Skip to main content

Democratic Mayoral Candidates To Face Off In Friday Forum

San Diego mayoral candidates Barbara Bry and Todd Gloria are pictured in this...

Credit: Campaign photos

Above: San Diego mayoral candidates Barbara Bry and Todd Gloria are pictured in this undated side-by-side photo.

State Assemblyman Todd Gloria won another high-profile endorsement Thursday in his campaign for San Diego mayor — this one from Gov. Gavin Newsom — a day before he and two other Democrats will face off in a forum.

Gloria's nod from Newsom is in addition to backing from former Gov. Jerry Brown, Senate President Pro Tem Toni Atkins and a number of local unions. Endorsements for City Councilwoman Barbara Bry, his main opponent, have come mainly from community activists.

Listen to this story by Andrew Bowen.

But the two are much closer in fundraising. Gloria had raised $656,108 from more than 1,200 individual donors from January through June. Bry raised $521,197 from more than 950 donors during the same time period.

Gloria's campaign has stayed mostly positive, casting him as an experienced progressive with a personal background that reflects San Diego's diversity. Bry has emphasized her business acumen, and her campaign has seized on tensions in the city over issues such as dockless scooters and housing development.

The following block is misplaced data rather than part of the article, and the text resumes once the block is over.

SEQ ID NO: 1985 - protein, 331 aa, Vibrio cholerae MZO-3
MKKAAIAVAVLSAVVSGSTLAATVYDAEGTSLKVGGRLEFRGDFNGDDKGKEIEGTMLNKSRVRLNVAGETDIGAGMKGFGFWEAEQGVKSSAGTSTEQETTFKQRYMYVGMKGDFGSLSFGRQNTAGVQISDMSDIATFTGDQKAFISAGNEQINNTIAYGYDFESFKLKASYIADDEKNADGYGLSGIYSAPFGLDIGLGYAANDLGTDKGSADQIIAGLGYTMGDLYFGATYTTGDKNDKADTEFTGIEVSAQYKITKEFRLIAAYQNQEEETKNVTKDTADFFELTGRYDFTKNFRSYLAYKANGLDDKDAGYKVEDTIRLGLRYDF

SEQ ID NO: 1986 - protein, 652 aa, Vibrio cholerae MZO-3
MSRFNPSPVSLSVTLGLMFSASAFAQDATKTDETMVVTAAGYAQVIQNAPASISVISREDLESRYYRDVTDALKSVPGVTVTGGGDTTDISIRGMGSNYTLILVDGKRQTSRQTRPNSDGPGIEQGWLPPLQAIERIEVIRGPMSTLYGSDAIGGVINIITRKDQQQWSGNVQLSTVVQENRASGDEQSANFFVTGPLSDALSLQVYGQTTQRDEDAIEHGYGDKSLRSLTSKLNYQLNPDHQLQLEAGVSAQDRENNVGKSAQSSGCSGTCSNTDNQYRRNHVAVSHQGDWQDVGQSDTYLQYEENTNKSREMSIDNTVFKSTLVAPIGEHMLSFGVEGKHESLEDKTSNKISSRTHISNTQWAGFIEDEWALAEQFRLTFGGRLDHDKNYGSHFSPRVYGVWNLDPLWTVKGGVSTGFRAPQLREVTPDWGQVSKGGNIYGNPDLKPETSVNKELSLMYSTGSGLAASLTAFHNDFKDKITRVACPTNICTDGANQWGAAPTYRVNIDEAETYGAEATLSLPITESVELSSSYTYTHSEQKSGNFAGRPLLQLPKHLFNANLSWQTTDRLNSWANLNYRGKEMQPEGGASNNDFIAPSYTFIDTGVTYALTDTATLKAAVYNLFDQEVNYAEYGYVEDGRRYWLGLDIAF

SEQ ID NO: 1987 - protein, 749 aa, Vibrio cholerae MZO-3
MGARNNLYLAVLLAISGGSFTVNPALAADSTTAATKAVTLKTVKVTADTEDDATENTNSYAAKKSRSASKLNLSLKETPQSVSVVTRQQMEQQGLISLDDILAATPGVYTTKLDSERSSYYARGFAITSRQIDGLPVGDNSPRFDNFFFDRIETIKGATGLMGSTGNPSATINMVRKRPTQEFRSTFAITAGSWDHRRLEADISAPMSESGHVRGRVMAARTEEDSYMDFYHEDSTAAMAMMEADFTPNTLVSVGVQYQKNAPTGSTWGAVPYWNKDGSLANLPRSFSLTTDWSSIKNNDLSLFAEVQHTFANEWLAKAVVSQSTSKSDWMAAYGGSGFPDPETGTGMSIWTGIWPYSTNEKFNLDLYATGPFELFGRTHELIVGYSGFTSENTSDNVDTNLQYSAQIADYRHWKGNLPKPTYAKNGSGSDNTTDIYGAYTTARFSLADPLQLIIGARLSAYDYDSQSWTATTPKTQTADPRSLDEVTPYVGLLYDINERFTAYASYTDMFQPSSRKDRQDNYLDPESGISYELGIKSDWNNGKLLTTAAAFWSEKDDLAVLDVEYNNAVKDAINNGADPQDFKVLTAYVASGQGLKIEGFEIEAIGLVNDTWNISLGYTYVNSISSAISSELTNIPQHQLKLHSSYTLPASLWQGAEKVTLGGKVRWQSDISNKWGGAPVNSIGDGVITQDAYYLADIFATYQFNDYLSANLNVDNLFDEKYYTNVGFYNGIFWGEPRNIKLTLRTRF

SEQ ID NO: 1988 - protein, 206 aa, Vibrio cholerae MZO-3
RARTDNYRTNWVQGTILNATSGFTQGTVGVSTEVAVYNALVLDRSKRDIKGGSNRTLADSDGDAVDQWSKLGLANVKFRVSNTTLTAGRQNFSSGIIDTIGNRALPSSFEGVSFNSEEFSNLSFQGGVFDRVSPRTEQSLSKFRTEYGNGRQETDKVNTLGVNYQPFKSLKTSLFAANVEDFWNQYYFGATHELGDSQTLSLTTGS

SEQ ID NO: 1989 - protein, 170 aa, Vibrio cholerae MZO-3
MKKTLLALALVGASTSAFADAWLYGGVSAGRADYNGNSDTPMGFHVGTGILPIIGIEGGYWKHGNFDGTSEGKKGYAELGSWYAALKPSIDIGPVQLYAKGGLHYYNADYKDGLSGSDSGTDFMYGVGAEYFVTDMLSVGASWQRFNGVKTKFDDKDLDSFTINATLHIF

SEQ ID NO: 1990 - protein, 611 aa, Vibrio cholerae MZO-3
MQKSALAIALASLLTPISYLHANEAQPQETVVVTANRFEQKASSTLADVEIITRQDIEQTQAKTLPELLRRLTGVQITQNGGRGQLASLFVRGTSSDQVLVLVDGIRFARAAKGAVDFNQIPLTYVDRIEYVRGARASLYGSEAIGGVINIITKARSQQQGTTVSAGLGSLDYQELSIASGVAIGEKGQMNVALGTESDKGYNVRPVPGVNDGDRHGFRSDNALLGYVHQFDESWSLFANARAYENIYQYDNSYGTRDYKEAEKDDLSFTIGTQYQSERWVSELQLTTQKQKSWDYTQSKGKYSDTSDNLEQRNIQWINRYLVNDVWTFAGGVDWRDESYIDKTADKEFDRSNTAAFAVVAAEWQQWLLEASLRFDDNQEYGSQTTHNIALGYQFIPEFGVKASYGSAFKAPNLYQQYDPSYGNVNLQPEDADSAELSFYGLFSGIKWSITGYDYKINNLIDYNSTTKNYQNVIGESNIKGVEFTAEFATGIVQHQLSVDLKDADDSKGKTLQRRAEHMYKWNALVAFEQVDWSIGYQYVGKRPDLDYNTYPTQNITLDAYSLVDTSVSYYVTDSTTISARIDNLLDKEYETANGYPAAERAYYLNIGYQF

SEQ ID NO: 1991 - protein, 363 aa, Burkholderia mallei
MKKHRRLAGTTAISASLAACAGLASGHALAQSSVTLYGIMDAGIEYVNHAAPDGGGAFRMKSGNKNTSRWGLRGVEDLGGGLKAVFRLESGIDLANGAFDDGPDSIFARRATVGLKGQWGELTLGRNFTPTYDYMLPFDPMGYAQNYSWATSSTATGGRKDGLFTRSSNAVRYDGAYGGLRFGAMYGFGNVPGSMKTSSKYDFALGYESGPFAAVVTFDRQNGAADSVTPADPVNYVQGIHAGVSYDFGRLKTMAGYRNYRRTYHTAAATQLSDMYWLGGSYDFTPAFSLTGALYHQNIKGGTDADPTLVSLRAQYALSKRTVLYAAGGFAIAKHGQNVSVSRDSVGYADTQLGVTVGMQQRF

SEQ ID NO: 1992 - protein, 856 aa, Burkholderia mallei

Social justice activist Tasha Williamson, who had raised $675 by the end of June, will join Gloria and Bry in the forum hosted by the San Diego County Democratic Party. Chairman Will Rodriguez-Kennedy said the party would consider whom to endorse in the race later this month.

"We have an infrastructure backlog, we have a homelessness crisis, we have a problem with ... the cost of rent," he said. "We need a bold leader to take on those issues."

The party's endorsement can add immense weight to a candidate's campaign, allowing the party to spend money on mailers promoting its preferred candidate to registered Democrats. This can free up the candidate's official campaign coffers to focus on other priorities.

There are still no major independents or Republicans in the mayor's race, though City Councilman Mark Kersey has long been rumored to be considering a run. Kersey left the Republican Party earlier this year and became an independent, citing the growing polarization of partisan politics.

Next year will be the first San Diego mayoral election in which the race cannot be decided in the primary, after voters approved a City Charter amendment in 2016. The top two finishers in the March 3 primary will run off in the November 3, 2020 general election.

Want more KPBS news?
Find us on Twitter and Facebook, or sign up for our newsletters.

To view PDF documents, Download Acrobat Reader.